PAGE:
Shifting careers is more common than you’d think. Many accountants at Big 4 firms escape their intense work pressures and time demands by taking internal accounting positions at client companies. These positions are still financially rewarding and prestigious, but tend to have more regular hours. This guest post described how, for family reasons, a lawyer left a prestigious clerkship to become in-house counsel for a NY State agency- again, still a good gig, but with more reasonable hours and work stress. Neither of these situations would be described as demotions or new careers, rather shifts that opened up more time for family and life.
Many folks choose to get off a corporate track and go into business for themselves. This process isn’t easy, and involves a lot of financial risk. But if you become your own boss without letting your business take over your life, self-employment can give you the autonomy to lead a better work-life balance (see this guest post by an old high-school buddy about how he successfully navigated this route to work-family balance)
The cost of living in the orbit of large affluent coastal US cities pretty much precludes downshifting. $900k can get you a one-bedroom apartment in NYC, but $200k can buy you a beautiful house in many other parts of the country. Lots of people who can work remotely, or have shifted their careers to be more flexible, have chosen to move out of the city to where the lifestyle is slower and more affordable. Moving out of the city and then taking a similar but less stressful/lower paying job in a more affordable area can also be a financial net positive. As Billy Joel once sang, “Good luck moving up, cuz’ I’m moving out”.
I love NY, but would agree that “the rent is too damn high” to easily allow for downshifting
Saying “No” To More
Of course, there are financial consequences to downshifting. You’ll earn less and you have to be sure your family will still be ok. In the case of my plateauing, my plateau still pays pretty well, Amy and I have been very conservative with our finances, and I am blessed to have a wife who shares my priorities and life goals. Not everyone is so lucky. Financial prioritization and simplification are key.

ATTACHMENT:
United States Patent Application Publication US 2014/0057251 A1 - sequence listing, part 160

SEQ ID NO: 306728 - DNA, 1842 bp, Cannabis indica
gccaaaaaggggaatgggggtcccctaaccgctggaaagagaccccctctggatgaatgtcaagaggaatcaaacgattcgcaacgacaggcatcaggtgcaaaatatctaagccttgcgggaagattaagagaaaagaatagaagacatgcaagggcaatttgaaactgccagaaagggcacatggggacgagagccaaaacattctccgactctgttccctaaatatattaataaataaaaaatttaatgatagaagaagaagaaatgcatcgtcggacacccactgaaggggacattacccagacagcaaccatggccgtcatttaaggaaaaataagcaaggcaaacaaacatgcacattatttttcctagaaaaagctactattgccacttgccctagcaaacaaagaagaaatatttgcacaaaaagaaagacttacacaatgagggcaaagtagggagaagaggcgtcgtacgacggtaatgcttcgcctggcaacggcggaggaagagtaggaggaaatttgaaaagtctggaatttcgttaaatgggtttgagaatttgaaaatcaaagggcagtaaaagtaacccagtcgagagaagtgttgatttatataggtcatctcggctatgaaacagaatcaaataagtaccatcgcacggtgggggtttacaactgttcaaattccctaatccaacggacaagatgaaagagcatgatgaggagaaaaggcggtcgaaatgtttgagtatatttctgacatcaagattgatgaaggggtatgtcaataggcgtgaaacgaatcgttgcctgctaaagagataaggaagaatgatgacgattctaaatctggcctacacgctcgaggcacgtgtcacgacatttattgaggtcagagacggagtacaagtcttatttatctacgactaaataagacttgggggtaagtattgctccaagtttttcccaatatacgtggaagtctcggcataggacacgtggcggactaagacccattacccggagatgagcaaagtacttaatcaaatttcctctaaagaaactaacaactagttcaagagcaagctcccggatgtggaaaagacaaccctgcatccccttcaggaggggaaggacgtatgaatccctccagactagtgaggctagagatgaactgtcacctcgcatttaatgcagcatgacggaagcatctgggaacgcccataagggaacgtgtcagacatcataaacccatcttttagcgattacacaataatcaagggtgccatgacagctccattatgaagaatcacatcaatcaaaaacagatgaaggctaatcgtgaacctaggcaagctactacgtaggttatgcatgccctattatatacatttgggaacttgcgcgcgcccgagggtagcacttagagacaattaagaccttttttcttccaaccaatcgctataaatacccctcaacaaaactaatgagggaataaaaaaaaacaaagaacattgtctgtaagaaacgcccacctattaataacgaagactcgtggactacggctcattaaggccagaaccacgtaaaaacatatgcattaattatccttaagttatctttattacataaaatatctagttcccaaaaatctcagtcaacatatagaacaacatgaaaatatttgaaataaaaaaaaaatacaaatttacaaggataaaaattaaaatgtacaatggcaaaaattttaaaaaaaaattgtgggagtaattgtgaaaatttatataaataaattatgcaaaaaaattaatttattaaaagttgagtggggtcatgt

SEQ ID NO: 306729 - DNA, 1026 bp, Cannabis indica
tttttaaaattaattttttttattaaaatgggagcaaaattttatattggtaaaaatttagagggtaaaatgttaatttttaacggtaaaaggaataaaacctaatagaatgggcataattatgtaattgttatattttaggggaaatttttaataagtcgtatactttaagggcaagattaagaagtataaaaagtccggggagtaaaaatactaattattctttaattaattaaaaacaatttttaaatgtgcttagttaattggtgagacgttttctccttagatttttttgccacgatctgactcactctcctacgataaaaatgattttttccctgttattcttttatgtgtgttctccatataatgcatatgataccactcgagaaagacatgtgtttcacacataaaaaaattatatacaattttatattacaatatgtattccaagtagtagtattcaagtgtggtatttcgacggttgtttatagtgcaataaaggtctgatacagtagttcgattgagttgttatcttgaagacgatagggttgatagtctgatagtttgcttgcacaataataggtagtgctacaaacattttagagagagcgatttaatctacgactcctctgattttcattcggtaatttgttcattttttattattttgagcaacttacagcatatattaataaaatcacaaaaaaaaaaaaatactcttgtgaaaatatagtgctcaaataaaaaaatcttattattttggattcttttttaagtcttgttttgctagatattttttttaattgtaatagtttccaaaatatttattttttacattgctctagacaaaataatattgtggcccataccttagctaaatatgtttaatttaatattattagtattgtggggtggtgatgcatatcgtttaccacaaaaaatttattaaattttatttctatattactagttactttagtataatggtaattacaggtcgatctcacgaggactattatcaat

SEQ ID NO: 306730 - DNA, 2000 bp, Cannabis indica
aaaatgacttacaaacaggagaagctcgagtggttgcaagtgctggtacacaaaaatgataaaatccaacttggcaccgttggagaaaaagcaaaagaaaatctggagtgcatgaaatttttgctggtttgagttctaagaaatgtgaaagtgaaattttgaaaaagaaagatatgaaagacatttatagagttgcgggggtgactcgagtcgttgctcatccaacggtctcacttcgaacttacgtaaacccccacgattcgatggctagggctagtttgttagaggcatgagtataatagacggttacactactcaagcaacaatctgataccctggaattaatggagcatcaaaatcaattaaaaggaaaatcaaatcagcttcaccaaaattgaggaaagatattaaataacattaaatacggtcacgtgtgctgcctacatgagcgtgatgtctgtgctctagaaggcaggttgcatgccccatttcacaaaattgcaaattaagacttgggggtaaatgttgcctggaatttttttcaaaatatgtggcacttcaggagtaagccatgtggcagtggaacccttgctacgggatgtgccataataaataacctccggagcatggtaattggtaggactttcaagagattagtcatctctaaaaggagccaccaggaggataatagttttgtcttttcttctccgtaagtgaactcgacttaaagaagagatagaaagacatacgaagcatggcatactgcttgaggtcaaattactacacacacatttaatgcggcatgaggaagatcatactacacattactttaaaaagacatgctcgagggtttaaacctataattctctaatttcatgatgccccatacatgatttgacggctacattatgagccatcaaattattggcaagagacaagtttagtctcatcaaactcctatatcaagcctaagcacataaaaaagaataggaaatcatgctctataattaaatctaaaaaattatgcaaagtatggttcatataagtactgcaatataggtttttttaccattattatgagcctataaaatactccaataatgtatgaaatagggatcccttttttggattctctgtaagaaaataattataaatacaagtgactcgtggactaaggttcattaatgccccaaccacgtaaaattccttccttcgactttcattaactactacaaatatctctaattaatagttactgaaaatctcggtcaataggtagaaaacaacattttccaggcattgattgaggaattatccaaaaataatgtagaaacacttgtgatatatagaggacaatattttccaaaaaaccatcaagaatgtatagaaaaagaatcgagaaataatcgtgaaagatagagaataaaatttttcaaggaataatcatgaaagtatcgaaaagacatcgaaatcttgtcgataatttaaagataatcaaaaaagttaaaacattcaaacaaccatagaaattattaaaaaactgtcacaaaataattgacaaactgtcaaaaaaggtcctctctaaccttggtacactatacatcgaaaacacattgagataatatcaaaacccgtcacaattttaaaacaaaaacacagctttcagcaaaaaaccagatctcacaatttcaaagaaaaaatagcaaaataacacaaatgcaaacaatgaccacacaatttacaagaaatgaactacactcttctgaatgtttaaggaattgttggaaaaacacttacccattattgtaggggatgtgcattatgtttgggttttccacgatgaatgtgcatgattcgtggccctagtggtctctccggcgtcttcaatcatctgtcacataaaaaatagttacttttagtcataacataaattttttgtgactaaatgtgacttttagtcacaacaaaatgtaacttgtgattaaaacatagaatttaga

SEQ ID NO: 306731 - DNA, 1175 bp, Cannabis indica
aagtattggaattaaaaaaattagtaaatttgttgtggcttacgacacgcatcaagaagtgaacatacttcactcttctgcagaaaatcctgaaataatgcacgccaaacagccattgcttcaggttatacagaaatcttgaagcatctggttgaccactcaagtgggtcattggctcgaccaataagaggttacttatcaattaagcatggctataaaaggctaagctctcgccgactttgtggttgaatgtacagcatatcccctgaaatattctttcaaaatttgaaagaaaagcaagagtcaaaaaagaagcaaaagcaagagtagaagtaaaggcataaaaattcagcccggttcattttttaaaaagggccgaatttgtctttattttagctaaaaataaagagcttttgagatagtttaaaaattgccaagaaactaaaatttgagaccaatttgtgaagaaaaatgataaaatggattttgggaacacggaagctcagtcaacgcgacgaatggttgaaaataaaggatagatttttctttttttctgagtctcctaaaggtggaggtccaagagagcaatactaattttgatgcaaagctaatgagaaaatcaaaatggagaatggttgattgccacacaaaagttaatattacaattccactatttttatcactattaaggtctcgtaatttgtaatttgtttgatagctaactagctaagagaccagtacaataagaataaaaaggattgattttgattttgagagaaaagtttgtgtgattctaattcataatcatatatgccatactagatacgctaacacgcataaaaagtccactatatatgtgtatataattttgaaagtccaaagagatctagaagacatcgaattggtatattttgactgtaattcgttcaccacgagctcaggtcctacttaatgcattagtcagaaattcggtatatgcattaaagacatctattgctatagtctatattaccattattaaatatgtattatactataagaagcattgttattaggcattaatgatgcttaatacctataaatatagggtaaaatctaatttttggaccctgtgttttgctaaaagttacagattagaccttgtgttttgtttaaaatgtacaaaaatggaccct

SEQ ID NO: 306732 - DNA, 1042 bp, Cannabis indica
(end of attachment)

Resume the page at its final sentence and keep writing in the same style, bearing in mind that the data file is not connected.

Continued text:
The greatest barrier to downshifting, however, is often that of our own making. According to Salzman:
“Getting over the idea that they will be cast as failures is the greatest challenge facing backtrackers… stepping back is often the culmination of a painful battle between personal needs and professional expectations“
Society sends many repeated signals, especially to men, that MORE success, MORE money and MORE power are the keys to being seen as a success. A man in full. Most of us have been receiving this signal for virtually our whole lives. It takes a strong sense of self to turn away from more. Swimming against the tide isn’t easy.
… But it might just be worth it.
What do you think about career success and downshifting? Any examples to share? Let’s discuss in the comments section.
* yes, I am working on a book proposal on the general topic of Work & Family for Fathers. If anyone out there has any advice or connections for me, I’d greatly appreciate it!
Amy Salzman’s fantastic book: Downshifting: Reinventing Success on a Slower Track
Brad Harrington and Douglas T. Hall’s excellent and innovative textbook: Career Management and Work-Life Integration